Ref. Ozawa S, Higgins CR, Yemeke TT, Nwokike JI, Evans L, Hajjou M, et al. (2020) Importance of medicinequality in achieving universal health coverage. PLoS ONE 15(7): e0232966. https://doi.org/10.1371/journal. pone.0232966
Today I am sharing an open-access article that I think would be of great interest for most of us. The group of professor Ozawa recently developed and published a systems map connecting medicines quality assurance systems with the goals of universal health coverage (UHC). The systems map (Figure 1 in the article) connects the mechanisms to build effective medicines quality assurance systems with the health and economic benefits that quality-assured medicines can bring to UHC, highlighting the need for investments in strengthening these systems to achieve UHC. For example, using a substandard medicine could add days to recovery time or be completely ineffective, requiring a patient to seek additional care or suffer a longer illness and increase the severity of disease.
If beneficiaries require less health care to manage the consequence of bad treatment, the health system is less burdened and the quality of health services could improve, health care costs decrease, and those savings could be reinvested back into the system, for covering more medicines and services, more beneficiaries, or more costs incurred by individuals. Regulatory oversight and quality assurance mechanisms throughout the supply chain reinforce the system that ensures patients can obtain and use quality-assured medicines, and they are essential to fulfill UHC goals. These findings seem in line with our position that it is feasible to attain UHC with affordable quality medicines, through a mix of quality assurance interventions and incentive schemes (Ravinetto R, Dujardin C. https://doi.org/10.1136/bmj.l6004 PMID: 31615789).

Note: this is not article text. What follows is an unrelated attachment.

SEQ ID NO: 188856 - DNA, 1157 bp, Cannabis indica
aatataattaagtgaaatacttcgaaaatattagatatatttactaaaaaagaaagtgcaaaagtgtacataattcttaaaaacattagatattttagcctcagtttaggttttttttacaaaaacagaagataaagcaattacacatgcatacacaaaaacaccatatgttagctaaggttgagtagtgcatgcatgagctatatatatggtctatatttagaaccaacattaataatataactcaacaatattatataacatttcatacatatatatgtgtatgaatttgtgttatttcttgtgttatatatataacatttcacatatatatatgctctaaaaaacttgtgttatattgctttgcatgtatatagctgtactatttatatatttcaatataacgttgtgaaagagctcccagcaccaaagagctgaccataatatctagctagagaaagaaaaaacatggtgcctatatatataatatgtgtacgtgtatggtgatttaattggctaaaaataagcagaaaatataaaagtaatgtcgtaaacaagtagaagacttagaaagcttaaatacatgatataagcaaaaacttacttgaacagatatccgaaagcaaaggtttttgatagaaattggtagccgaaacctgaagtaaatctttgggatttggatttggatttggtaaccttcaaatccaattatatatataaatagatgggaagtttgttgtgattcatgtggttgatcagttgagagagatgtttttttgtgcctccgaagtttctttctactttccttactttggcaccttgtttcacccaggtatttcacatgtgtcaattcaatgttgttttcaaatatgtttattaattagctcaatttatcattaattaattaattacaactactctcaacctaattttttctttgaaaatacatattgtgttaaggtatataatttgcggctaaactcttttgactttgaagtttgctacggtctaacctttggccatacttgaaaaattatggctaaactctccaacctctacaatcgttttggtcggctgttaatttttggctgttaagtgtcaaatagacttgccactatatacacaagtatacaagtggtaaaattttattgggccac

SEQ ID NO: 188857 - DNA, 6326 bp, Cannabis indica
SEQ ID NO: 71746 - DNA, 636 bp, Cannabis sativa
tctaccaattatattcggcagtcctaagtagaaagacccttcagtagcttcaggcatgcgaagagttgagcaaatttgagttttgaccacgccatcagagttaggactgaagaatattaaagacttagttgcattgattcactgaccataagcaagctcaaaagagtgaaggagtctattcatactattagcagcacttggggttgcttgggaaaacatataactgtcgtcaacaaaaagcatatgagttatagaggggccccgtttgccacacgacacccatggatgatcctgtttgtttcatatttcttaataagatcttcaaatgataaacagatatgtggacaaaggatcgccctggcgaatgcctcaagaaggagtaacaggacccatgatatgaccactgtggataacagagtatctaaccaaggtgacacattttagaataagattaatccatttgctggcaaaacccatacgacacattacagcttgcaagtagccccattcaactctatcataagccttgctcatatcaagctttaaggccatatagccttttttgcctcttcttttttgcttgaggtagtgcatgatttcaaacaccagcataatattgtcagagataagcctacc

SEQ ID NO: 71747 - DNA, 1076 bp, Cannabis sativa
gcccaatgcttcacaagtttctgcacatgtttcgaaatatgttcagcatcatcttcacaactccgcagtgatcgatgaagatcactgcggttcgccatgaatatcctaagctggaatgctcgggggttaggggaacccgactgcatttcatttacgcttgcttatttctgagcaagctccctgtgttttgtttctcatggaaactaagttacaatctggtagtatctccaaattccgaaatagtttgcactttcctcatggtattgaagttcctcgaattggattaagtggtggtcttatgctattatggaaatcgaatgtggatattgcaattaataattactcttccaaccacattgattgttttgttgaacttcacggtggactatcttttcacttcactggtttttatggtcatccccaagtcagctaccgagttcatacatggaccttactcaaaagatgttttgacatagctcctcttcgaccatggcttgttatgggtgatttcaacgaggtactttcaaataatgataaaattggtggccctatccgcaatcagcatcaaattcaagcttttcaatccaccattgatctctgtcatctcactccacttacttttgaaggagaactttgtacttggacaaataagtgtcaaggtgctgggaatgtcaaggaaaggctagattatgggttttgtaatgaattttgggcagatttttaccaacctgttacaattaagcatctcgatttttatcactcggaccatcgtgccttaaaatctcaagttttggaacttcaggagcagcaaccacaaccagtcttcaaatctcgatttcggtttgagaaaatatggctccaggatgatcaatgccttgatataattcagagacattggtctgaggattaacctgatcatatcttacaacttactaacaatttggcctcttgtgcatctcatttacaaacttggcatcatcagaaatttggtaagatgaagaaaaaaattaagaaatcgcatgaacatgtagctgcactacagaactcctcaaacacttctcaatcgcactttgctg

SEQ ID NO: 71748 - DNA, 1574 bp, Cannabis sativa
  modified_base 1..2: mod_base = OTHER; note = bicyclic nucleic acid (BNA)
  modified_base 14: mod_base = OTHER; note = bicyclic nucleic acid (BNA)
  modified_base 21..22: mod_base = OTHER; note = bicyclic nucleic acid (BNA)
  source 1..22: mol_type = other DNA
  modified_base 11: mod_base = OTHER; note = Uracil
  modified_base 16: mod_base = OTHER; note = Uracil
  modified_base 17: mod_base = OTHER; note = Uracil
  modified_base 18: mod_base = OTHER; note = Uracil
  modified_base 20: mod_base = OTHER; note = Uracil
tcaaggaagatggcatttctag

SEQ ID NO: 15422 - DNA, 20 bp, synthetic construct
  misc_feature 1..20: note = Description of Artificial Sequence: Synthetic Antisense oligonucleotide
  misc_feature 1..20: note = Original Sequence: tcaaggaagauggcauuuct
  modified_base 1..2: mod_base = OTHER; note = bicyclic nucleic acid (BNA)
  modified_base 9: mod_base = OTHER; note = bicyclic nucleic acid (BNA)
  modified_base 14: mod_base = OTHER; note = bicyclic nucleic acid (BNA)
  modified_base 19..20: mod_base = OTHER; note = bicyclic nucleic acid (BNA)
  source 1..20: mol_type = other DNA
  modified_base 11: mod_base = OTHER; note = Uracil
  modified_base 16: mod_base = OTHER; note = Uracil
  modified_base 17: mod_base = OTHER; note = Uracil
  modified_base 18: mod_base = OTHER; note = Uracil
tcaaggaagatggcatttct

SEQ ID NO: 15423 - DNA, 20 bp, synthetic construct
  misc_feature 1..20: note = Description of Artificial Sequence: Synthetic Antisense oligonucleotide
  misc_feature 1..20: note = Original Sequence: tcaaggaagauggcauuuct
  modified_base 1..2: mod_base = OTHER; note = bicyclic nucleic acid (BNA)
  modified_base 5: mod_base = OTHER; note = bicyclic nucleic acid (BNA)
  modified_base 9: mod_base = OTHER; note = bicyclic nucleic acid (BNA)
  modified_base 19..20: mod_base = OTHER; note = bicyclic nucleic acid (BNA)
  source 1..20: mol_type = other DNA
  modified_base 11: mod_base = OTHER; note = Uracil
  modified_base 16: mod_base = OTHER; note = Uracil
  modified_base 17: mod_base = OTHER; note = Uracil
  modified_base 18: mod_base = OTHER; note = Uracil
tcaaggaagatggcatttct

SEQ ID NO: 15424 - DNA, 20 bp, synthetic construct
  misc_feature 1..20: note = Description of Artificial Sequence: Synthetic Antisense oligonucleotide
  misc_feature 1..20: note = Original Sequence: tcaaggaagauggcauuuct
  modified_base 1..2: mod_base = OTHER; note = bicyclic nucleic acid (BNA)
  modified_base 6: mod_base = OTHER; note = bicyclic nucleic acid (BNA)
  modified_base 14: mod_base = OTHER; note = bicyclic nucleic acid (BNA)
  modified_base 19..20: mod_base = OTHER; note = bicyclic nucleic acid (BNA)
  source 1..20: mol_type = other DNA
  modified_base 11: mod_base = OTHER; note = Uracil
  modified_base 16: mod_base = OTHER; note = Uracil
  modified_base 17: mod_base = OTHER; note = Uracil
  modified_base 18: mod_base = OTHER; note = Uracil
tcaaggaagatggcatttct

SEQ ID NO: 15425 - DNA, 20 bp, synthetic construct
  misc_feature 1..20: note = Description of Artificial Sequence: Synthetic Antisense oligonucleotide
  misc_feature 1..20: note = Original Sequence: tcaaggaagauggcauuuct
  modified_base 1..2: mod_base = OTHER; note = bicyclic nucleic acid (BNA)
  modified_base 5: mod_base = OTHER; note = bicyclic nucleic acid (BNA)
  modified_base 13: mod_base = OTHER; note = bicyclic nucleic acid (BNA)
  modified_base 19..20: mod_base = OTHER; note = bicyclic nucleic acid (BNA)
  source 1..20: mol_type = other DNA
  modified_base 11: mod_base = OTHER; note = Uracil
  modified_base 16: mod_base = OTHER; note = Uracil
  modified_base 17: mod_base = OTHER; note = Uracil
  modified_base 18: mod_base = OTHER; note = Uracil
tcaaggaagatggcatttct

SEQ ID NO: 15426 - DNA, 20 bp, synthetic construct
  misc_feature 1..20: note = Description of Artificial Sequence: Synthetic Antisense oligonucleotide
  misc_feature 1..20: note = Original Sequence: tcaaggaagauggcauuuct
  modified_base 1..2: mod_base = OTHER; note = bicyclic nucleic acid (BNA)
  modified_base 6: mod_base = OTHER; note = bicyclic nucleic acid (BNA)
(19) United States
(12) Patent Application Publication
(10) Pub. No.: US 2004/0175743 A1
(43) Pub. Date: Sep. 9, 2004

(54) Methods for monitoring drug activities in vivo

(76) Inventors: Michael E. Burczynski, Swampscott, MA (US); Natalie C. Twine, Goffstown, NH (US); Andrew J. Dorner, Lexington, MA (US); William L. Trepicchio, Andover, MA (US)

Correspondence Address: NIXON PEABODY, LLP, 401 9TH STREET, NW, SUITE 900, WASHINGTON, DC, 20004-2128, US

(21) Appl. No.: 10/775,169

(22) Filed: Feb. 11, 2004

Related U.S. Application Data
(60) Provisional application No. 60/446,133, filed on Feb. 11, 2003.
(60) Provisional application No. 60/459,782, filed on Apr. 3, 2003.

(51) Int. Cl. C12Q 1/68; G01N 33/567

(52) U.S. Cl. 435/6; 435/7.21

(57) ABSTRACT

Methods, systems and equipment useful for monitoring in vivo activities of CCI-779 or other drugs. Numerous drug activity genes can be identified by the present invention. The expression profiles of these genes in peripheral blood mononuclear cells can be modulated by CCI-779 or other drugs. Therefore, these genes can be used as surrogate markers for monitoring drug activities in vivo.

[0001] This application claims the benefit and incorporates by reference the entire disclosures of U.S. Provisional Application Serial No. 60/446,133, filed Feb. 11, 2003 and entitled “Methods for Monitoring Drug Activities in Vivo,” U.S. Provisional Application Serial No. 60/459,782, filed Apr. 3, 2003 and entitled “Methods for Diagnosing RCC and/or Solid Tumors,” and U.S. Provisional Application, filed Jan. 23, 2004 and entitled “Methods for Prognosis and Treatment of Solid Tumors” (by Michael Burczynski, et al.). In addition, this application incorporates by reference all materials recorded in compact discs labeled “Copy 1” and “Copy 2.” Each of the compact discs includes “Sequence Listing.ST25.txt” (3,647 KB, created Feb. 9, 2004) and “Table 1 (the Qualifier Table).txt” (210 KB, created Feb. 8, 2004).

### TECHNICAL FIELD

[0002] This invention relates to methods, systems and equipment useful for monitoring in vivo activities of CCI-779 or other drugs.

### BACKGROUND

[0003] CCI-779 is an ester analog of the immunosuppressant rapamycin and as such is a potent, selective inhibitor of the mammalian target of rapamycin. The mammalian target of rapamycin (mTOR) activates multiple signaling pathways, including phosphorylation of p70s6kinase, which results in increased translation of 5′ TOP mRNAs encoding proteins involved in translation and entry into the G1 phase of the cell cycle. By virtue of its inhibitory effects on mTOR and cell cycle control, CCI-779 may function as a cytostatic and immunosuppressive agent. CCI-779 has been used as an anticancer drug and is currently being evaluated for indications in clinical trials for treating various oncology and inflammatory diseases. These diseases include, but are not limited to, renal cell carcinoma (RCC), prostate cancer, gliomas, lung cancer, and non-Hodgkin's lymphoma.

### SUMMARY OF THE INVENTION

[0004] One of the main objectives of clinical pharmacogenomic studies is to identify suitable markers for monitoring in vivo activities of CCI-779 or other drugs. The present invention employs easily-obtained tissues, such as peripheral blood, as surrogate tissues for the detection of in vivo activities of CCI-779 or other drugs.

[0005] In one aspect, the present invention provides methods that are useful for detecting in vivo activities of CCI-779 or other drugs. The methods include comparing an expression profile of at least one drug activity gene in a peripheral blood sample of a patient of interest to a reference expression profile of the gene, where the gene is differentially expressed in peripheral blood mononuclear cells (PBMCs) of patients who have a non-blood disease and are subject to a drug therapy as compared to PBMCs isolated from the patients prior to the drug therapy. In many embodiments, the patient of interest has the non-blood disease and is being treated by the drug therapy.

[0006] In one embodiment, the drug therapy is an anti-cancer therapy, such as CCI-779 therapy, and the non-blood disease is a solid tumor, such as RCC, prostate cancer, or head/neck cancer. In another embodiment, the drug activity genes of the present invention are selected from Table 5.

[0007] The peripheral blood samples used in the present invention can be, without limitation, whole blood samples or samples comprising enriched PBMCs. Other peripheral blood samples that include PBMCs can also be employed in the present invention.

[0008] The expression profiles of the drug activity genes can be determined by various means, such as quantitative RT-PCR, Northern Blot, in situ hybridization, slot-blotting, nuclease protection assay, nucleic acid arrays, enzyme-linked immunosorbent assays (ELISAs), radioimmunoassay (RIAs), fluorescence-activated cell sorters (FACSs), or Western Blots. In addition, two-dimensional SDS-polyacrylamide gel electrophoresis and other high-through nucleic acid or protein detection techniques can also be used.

Second, they examined the association between UHC and medicine quality in the context of essential medicines in low- and middle-income countries (LMICs), by analyzing available data on substandard and falsified essential medicines, and established indicators for UHC, namely an indicator on essential services coverage; and an indicator on the proportion of the population with large household expenditures on health as a share of total household expenditures (in addition, two indicators for government effectiveness and regulatory quality were abstracted from the World Governance Indicators of the World Bank). It appears that across 63 LMICs, the reported prevalence of substandard and falsified essential medicines was negatively associated with both an indicator for coverage of essential services (p = 0.05) and with an indicator for government effectiveness (p = 0.04).
Last, they examined the health and economic savings of improving antimalarial quality in four countries. It was estimated that investing in improving the quality of antimalarials by 10% would result in annual savings of $8.3 million in Zambia, $14 million in Uganda, $79 million in two DRC regions, and $598 million in Nigeria, and would be more impactful compared to other potential investments (costs of substandard and falsified antimalarials per malaria case ranged from $7 to $86, while costs per death due to poor-quality antimalarials ranged from $14,000 to $72,000).
Medicines quality assurance systems play a critical role in reaching UHC goals. By ensuring the quality of essential medicines, they help deliver effective treatments that lead to less illness and result in health care savings that can be reinvested towards UHC.
Have a nice reading,